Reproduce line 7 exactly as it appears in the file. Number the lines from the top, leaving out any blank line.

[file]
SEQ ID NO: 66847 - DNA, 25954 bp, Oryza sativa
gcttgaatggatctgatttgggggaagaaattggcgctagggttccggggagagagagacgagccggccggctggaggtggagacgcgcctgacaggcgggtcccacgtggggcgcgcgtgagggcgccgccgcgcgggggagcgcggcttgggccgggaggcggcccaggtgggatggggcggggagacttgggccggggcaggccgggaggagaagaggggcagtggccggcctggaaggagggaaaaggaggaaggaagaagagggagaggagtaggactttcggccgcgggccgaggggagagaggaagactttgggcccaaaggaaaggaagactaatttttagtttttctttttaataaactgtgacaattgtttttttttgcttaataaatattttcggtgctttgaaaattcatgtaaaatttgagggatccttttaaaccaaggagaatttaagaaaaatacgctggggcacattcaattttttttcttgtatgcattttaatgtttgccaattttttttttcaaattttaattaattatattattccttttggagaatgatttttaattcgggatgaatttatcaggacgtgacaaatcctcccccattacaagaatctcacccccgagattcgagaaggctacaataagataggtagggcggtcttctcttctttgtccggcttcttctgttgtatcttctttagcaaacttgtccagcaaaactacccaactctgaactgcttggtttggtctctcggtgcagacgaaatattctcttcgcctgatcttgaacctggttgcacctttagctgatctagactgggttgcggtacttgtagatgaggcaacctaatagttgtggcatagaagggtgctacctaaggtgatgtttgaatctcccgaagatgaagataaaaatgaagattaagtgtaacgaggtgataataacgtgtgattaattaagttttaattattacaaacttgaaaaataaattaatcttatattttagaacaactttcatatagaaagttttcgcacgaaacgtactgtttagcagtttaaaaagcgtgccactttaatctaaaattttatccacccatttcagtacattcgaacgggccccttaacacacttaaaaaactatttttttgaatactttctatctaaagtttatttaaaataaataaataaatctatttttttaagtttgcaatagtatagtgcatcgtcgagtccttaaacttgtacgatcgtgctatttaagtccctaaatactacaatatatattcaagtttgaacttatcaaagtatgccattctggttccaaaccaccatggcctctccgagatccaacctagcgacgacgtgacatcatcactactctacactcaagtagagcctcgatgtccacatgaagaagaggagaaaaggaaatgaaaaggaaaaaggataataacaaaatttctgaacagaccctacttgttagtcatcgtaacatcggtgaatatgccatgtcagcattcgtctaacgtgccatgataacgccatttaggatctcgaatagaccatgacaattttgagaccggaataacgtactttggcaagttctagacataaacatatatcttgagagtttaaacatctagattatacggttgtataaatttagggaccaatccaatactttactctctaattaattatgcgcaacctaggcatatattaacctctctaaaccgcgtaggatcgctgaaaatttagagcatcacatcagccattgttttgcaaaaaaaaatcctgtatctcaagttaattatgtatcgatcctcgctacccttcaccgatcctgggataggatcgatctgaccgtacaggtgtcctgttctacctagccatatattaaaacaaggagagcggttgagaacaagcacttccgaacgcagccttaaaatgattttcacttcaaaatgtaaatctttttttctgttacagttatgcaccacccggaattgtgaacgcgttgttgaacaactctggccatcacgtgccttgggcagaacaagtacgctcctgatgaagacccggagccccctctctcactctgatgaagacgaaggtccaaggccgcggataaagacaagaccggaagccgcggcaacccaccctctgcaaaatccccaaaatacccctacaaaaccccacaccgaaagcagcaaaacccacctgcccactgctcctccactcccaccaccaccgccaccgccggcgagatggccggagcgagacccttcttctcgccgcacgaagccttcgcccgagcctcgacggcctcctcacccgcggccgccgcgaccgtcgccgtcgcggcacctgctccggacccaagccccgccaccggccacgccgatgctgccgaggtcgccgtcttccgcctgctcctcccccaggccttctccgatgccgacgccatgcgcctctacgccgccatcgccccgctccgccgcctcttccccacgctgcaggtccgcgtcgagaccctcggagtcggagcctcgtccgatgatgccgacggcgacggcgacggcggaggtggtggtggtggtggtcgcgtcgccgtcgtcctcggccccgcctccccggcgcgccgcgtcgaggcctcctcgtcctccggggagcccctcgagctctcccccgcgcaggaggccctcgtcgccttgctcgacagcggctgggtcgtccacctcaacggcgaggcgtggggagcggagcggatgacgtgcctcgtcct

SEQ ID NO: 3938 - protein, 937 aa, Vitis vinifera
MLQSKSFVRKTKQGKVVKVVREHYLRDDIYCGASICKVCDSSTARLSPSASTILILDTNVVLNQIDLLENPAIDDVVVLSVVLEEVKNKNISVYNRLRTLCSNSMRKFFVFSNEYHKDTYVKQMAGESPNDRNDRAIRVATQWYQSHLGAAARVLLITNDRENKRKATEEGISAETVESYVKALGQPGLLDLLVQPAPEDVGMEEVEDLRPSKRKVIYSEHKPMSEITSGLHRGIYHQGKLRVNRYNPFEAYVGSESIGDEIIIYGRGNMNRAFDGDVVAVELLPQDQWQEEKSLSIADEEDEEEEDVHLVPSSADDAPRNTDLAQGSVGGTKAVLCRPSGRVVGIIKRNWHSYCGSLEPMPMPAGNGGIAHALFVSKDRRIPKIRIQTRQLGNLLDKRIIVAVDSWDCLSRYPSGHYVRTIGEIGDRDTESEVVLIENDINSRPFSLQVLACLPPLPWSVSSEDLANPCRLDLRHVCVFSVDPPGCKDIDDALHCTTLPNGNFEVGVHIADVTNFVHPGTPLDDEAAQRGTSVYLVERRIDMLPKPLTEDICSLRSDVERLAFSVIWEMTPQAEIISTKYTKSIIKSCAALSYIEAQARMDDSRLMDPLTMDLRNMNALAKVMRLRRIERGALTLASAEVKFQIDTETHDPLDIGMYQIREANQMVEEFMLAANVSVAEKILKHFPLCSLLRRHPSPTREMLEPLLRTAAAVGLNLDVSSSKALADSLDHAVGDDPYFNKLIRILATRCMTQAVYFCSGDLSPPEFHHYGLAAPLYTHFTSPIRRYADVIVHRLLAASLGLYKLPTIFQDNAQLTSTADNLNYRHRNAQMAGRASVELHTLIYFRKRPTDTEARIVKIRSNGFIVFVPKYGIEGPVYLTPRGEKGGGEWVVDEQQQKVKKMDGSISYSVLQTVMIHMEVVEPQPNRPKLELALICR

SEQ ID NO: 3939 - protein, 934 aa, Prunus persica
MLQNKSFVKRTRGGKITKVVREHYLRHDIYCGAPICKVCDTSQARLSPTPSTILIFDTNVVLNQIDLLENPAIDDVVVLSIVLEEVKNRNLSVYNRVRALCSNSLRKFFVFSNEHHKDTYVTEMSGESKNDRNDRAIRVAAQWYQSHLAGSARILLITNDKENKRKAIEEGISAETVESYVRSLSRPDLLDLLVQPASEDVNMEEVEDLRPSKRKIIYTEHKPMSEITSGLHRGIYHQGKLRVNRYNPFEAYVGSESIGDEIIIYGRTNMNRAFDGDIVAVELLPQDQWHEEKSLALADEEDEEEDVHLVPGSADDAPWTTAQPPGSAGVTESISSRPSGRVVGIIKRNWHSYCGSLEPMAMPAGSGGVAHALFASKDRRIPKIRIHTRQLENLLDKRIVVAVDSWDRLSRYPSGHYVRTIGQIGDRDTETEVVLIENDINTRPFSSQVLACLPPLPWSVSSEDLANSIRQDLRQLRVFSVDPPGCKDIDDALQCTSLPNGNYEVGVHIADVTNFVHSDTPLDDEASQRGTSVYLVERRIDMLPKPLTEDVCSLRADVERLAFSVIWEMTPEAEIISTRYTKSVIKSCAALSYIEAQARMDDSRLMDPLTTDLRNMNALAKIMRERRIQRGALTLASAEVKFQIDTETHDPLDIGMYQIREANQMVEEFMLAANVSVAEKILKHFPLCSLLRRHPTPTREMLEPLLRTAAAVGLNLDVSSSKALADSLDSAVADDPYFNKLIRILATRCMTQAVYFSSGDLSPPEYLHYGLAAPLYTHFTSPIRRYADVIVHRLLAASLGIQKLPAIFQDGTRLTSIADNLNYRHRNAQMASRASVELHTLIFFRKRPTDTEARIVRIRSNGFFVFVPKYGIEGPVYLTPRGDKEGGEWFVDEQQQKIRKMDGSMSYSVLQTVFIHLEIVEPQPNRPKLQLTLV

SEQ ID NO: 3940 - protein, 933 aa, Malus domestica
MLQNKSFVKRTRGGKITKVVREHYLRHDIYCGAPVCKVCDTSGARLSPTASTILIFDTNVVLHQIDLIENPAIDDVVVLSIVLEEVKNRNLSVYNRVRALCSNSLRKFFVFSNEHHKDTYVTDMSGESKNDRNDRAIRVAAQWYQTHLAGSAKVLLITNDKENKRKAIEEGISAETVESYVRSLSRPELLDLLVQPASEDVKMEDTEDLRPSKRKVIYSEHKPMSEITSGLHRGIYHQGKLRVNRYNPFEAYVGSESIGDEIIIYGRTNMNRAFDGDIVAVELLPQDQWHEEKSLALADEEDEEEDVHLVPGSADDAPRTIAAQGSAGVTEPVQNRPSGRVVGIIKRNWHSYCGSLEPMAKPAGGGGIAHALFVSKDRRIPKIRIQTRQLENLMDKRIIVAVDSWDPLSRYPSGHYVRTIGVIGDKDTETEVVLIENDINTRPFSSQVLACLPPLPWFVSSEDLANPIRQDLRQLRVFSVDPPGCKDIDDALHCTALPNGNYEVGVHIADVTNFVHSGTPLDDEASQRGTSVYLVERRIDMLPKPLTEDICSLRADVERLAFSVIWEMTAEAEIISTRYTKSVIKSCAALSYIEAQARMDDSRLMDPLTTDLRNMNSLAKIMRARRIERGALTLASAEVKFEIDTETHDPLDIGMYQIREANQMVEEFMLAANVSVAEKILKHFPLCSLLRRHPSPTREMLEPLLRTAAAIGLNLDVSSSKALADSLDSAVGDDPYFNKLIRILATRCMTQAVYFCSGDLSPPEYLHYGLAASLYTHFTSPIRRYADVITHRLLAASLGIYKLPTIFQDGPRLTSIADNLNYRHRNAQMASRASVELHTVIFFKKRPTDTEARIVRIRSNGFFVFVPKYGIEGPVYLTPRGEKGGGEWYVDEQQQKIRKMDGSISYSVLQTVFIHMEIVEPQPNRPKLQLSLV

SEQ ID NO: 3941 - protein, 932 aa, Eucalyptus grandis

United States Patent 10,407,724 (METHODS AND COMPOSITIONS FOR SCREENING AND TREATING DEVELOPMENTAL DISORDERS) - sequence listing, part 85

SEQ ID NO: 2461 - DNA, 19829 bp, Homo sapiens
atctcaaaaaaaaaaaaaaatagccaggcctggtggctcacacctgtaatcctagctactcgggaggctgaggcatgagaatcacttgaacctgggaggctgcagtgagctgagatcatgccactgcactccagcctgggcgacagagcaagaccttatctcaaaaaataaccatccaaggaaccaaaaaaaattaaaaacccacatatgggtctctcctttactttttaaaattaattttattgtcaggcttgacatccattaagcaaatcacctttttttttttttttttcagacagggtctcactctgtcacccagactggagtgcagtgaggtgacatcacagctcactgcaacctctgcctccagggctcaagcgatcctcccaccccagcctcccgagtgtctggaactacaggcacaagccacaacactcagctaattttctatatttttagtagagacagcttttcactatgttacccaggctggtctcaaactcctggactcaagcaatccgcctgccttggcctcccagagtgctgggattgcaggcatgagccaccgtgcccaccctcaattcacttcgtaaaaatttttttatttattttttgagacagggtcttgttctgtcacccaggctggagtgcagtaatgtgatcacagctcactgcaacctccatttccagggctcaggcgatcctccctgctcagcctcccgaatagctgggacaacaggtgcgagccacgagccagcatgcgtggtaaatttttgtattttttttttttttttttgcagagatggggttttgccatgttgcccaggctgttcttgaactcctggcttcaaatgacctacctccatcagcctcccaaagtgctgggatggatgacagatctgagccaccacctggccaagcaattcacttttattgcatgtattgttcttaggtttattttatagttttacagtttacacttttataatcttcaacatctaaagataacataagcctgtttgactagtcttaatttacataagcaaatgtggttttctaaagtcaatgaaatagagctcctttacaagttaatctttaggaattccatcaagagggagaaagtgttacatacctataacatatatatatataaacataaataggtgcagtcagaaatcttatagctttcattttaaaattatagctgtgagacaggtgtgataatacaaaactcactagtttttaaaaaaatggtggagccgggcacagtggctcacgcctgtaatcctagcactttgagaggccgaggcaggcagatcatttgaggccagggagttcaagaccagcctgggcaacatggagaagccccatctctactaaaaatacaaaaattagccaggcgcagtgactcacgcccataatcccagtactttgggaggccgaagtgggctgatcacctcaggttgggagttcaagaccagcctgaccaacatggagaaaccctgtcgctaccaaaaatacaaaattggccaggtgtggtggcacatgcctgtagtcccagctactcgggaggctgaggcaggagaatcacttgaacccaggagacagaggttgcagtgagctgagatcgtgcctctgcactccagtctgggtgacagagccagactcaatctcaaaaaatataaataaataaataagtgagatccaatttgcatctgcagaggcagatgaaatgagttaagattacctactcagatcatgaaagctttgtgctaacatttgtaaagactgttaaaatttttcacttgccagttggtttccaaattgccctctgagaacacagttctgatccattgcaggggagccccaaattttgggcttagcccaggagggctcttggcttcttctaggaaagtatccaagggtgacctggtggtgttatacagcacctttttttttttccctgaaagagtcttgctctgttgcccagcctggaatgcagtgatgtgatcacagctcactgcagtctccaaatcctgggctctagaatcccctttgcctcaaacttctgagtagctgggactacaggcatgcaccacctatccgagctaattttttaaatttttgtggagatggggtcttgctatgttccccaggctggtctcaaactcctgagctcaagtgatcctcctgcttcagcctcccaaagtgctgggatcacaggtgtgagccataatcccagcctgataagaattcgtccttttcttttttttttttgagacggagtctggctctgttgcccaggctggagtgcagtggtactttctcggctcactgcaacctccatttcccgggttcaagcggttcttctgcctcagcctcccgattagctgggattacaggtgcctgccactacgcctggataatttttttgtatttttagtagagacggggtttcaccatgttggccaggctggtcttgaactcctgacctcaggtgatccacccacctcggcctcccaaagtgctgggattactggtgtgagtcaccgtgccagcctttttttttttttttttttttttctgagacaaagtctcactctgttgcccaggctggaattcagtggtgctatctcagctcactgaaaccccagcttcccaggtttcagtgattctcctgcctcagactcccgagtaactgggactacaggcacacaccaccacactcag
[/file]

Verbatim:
SEQ ID NO: 3940 - protein, 933 aa, Malus domestica